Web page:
Given the Ecuadorian had not raced for six weeks before the Giro, Ineos Grenadiers will be very confident of securing a fourth Giro win in five years. Carapaz will get stronger as the race progresses while the team demonstrated on Sunday that they are by far the slickest collective unit. And in a race where the favourites are split by such small margins, Carapaz wilfully let two seconds slip at the bonus sprint before Blockhaus – a sign, perhaps, that he has much more up his sleeve.
Yates to weigh up his options: After shipping 11 minutes on Blockhaus, Simon Yates will take the rest day to decide how best to proceed. The Briton’s knee injury from the crash on the stage to Etna was clearly a contributing factor but he also cited the heat; it’s not the first time Yates’s GC hopes have wilted when the mercury soars.
Besides winning the thing, the 29-year-old has nothing to prove on the Giro so he would probably be better off focusing on getting back to full fitness ahead of the Tour. But that would leave BikeExchange-Jayco in a bit of a pickle given the team was built around the sole purpose of delivering Yates to pink.

‘Oh my word!’ – Yates' GC hopes at Giro unravel on Blockhaus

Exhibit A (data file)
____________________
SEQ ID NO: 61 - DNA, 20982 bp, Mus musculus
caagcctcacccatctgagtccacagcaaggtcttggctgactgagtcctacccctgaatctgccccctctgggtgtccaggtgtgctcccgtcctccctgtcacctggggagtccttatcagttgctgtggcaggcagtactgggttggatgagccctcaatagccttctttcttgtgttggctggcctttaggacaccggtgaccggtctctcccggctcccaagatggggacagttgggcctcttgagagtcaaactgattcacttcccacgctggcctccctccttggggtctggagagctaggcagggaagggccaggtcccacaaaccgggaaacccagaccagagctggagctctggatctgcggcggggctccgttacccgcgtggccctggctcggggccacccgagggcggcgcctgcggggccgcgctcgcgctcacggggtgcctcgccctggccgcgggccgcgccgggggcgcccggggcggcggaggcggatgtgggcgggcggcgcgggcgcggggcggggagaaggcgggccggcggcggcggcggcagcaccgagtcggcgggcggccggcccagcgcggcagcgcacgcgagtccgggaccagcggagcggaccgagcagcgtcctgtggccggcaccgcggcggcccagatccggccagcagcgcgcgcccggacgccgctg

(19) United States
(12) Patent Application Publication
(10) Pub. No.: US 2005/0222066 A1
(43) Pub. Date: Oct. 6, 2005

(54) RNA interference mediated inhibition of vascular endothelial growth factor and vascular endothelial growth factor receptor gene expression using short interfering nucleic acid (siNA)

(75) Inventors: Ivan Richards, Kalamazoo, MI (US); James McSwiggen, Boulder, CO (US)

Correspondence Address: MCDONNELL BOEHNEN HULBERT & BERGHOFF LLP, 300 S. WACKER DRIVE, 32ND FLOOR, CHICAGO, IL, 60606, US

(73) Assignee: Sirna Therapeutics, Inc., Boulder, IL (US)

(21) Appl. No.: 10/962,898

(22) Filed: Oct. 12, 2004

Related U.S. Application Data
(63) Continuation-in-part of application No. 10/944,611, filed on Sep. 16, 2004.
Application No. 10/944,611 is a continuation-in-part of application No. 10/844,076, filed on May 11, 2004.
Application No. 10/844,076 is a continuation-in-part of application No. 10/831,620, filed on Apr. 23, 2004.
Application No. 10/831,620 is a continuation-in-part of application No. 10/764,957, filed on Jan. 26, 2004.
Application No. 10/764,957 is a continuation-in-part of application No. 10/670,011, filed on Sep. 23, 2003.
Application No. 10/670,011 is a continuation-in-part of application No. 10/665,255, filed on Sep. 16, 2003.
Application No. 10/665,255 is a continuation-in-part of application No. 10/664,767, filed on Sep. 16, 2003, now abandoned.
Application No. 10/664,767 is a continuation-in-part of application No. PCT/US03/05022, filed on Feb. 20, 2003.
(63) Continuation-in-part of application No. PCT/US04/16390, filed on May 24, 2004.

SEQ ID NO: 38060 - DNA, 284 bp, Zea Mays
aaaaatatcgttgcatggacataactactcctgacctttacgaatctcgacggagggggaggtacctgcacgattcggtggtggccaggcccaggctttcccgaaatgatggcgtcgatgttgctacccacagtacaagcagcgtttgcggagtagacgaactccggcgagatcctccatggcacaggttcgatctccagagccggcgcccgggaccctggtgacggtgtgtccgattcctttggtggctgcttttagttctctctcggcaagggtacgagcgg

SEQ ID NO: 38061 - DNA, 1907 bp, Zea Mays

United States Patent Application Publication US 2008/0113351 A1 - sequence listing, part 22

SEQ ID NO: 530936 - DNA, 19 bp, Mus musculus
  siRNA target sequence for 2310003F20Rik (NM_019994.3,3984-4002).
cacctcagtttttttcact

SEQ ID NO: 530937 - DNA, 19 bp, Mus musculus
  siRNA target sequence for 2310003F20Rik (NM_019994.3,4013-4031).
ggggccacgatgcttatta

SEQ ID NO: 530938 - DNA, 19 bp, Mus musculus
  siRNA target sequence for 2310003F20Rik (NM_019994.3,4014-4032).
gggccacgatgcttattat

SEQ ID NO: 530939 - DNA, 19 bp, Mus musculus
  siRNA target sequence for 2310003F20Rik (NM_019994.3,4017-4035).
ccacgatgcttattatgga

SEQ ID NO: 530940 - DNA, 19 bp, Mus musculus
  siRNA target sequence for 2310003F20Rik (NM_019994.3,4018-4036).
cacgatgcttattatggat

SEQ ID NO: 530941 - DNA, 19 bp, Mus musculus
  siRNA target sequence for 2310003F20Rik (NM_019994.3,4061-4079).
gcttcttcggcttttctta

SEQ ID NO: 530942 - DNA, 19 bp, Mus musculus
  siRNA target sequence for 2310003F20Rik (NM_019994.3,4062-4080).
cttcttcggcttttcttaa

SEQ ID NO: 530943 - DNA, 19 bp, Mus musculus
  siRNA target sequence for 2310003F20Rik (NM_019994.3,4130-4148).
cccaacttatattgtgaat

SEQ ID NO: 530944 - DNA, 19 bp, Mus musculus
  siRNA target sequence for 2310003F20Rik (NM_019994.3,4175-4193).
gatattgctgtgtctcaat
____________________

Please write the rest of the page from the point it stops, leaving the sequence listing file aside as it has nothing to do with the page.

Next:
Carthy can take a leaf out of Martin’s book: Hugh Carthy’s day was nowhere near as traumatic as his compatriot Yates, but the EF Education-EasyPost climber now finds himself 4:22 behind Lopez on GC despite rising a place to 17th. All is not lost, however. The cushion will now give him the buffer that may allow him to get in a breakaway – and just look at the example of Guillaume Martin: the Frenchman from Cofidis bounded up the standings by being in the break on the Naples circuit on Saturday, and after a solid ride on Blockhaus finds himself in sixth just 28 seconds down.

What can we expect from the second week of the Giro?

In terms of the general classification, not much. At least, that’s how it looks on paper with just the one summit finish on the horizon in week two, next Sunday’s gentle grind up to Cogne in Stage 15. Before that there are some days where the focus will be more on the maglia ciclamino and the sprinters rather than the push for pink.
There are some potential banana skin stages – Saturday’s relentlessly undulating Stage 14 to Torino, for instance – but if he plays his cards right, Juanpe Lopez, in spite of that slender 12-second lead, could well still be top of the pink pile on the third rest day ahead of the final week. All the more so now given Trek team-mate Giulio Ciccone’s implosion on his local roads on Sunday, the 27-year-old Italian conceding a whopping nine minutes on one of his favourite training climbs.

‘His best performance’ – Lopez hailed after surviving Blockhaus in pink

First up, Tuesday’s Stage 10 from Pescara to Jesi is a tale of two halves: an entirely flat opening 100km along the Adriatic coast leading up to the intermediate sprint followed by rolling roads as the race passes through Filottrano, the hometown of the late Michele Scarponi. The series of climbs are enough to ensure a breakaway goes the distance but should not have any impact on the GC.